- #1

Andrés85

- 10

- 0

## Homework Statement

Let G:R

^{2}[itex]\rightarrow[/itex]R be a C

^{2}function such that G(tx,ty)=t

^{2}G(x, y). Show that:

2G(x,y)=(x,y).HG(0,0).(x,y)

^{t}

## The Attempt at a Solution

G is C

^{2}, so its Taylor expansion is:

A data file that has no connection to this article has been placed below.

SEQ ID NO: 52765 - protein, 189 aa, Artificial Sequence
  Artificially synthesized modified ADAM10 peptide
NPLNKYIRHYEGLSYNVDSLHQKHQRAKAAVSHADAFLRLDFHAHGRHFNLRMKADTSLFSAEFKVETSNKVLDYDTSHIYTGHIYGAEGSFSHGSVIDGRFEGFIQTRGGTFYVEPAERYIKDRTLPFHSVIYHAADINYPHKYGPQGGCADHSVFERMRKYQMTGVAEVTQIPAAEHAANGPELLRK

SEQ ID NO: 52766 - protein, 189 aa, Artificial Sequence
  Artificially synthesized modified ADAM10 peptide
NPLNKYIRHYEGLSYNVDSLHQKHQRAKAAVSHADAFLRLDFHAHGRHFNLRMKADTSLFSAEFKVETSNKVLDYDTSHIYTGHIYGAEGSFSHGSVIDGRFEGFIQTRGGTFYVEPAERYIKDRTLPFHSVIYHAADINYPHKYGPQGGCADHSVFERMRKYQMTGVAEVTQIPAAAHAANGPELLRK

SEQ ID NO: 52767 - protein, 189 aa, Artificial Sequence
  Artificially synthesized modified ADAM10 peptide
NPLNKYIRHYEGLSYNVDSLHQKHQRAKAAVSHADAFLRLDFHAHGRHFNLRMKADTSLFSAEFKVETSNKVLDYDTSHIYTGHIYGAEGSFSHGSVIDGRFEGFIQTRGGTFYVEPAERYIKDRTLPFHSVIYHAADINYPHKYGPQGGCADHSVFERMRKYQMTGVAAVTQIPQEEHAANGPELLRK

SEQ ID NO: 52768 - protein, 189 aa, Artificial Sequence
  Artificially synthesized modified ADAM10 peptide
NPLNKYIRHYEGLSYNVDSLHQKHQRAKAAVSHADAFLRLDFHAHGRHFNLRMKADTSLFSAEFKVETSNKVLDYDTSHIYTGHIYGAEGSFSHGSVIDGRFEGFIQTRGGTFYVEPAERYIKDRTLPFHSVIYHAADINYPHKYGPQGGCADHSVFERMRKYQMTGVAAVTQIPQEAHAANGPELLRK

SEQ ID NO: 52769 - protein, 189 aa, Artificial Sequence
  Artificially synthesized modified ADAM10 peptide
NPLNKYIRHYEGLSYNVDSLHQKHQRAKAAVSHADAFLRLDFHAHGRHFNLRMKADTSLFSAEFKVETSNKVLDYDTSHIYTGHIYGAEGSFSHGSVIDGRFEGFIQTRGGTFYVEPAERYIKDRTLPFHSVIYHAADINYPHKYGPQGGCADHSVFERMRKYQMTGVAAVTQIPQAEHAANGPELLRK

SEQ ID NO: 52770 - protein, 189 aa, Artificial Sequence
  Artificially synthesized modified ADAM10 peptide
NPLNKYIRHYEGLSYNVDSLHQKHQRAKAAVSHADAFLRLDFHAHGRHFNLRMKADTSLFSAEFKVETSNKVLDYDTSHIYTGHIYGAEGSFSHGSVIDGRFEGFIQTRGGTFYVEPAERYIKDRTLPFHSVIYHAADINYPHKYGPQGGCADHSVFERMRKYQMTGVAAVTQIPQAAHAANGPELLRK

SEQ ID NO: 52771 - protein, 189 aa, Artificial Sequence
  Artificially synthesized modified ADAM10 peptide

G(x,y) = G(0,0) + [itex]\nabla[/itex]G(0,0).(x,y) + [itex]\frac{1}{2}[/itex](x,y).HG(c).(x,y)

^{t},

where c lies on the line segment that goes from (0,0) to (x,y).

Using that G(tx,ty)=t

^{2}G(x,y) I get that G(0,0) and the linear term equals 0.

The problem is that I have HG(c) in the quadratic term, but I need HG(0,0).